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Gut-Brain Communication in Metabolic Control

Project description

Gut-brain communication and obesity

Neural gut-brain communication helps to monitor gastrointestinal organs and contributes to energy and glucose homeostasis regulation. Its disruption develops in obesity and correlates with overeating and insulin resistance. This EU-funded project will employ a combination of modern molecular neuroscience tools and mouse genetic approaches to determine the identity of gut-innervating neurons, define their role in feeding behaviour and glucose metabolism, and map the neurocircuitry to downstream brain sites. Successful outcome of the project will help to overcome challenges associated with targeting distinct neurons in a cell-type and organ-specific manner, an important first step to developing new therapies to treat obesity.

Objective

Communication between the gut and the brain is essential for metabolic function. Sensory afferent neurons are key gut-brain connectors that monitor gastrointestinal (GI) tract organs, including the stomach, the duodenum, the liver, and the portal vein area, and thereby critically contribute to systemic energy and glucose homeostasis regulation. Disruption of this neural gut-brain communication develops in obesity and correlates with overeating, body weight gain, and insulin resistance. However, the relevant sensory neuronal populations innervating the GI tract organs along with the pertaining underlying metabolic neurocircuitry still remain to be elucidated. To date, advances in this field have been impeded by the challenges associated with targeting distinct sensory neurons of vagal and spinal origin in a cell-type and organ-specific manner, thereby making the accurate determination of their metabolic function highly difficult. Thus, the proposed comprehensive research program will employ a combinatorial set of modern molecular systems neuroscience tools and novel mouse genetic approaches to (1) elucidate the role of specific sensory neurons in feeding behavior and glucose metabolism, (2) determine the functional metabolic neurocircuitry of GI tract-innervating vagal and spinal afferents in an organ-specific manner, (3) study the effects of obesity on their transcriptomes, and (4) map their functional connectivity as well as synaptic adaptions to downstream brain sites. Collectively, the overarching goals of these four autonomous but complementary projects are to gain greater insights into the integral components of sensory neurons as gut-brain connectors in controlling metabolism as a first step to developing new therapies to treat obesity.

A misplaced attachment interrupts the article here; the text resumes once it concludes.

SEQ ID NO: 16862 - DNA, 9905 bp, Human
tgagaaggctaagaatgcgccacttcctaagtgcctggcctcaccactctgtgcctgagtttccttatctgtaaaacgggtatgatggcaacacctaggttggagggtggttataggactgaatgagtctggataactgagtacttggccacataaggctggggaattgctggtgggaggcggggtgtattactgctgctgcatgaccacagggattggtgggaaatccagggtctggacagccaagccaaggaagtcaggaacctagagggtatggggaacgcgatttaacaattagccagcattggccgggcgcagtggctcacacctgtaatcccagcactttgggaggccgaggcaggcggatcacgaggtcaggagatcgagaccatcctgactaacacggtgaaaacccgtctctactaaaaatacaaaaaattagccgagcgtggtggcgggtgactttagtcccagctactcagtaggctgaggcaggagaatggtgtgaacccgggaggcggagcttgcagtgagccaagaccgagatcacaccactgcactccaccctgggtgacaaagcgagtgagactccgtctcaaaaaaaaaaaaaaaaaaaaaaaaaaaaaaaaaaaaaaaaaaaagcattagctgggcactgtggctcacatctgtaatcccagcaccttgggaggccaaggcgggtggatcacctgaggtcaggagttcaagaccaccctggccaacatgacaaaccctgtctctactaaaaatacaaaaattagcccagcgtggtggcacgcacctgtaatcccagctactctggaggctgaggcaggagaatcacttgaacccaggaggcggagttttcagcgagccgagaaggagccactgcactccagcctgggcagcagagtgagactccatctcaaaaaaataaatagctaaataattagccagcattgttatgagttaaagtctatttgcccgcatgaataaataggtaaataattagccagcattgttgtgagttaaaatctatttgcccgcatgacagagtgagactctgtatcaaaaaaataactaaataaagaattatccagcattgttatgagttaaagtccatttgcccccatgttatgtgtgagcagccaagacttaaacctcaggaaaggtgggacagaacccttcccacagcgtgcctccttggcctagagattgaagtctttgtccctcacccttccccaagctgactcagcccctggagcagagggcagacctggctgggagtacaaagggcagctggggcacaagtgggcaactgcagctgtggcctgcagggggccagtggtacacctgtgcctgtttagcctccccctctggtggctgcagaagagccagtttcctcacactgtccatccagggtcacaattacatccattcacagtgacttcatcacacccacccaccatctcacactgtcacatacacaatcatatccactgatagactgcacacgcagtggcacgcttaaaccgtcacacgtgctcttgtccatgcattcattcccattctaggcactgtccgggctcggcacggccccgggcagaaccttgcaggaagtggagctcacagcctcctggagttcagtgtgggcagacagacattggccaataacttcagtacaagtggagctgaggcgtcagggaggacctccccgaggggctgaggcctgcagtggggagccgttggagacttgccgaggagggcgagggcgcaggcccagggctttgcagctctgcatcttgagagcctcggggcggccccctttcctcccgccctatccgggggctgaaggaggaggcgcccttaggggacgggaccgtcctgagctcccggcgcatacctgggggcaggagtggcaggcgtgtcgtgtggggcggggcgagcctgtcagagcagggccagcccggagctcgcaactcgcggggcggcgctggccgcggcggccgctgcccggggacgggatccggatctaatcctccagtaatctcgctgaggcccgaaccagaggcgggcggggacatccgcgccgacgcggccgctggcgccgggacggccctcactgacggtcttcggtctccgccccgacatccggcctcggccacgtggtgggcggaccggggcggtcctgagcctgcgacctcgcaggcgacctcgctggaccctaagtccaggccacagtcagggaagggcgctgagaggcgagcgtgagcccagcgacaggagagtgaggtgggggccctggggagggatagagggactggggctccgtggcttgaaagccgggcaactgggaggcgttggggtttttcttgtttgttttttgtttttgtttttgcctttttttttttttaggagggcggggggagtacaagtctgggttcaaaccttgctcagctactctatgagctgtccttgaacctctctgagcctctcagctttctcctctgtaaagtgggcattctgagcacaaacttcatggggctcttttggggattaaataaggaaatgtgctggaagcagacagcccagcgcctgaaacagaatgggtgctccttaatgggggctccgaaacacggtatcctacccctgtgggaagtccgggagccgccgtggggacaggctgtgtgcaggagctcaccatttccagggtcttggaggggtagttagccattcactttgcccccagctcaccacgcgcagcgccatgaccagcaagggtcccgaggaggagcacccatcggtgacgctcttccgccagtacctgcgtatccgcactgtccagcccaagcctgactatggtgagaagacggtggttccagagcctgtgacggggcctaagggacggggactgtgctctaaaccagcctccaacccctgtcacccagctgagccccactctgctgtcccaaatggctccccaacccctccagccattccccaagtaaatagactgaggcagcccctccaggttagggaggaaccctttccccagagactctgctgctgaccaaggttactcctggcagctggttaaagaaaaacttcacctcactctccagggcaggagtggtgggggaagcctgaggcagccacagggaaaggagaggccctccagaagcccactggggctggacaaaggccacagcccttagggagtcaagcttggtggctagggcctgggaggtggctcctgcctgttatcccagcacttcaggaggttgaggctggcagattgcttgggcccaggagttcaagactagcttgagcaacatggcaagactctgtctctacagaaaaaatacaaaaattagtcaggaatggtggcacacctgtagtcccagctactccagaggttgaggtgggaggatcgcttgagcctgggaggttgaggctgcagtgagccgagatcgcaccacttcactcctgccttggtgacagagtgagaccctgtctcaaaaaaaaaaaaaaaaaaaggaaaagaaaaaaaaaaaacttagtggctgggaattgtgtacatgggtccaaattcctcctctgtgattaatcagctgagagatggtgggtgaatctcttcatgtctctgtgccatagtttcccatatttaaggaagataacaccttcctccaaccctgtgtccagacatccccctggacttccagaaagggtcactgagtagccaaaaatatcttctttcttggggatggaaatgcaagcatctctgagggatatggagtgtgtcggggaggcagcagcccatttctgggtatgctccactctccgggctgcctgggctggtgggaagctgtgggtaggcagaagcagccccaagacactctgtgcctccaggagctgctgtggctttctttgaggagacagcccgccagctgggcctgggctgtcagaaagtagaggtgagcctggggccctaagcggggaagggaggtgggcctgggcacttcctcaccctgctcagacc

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Coordinator

MAX-PLANCK-GESELLSCHAFT ZUR FORDERUNG DER WISSENSCHAFTEN EV
Net EU contribution
€ 1 500 000,00
Address
Hofgartenstrasse 8
80539 Munchen
Germany

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Region
Bayern Oberbayern München, Kreisfreie Stadt
Activity type
Research Organisations
Links
Other funding
€ 0,00

Beneficiaries (1)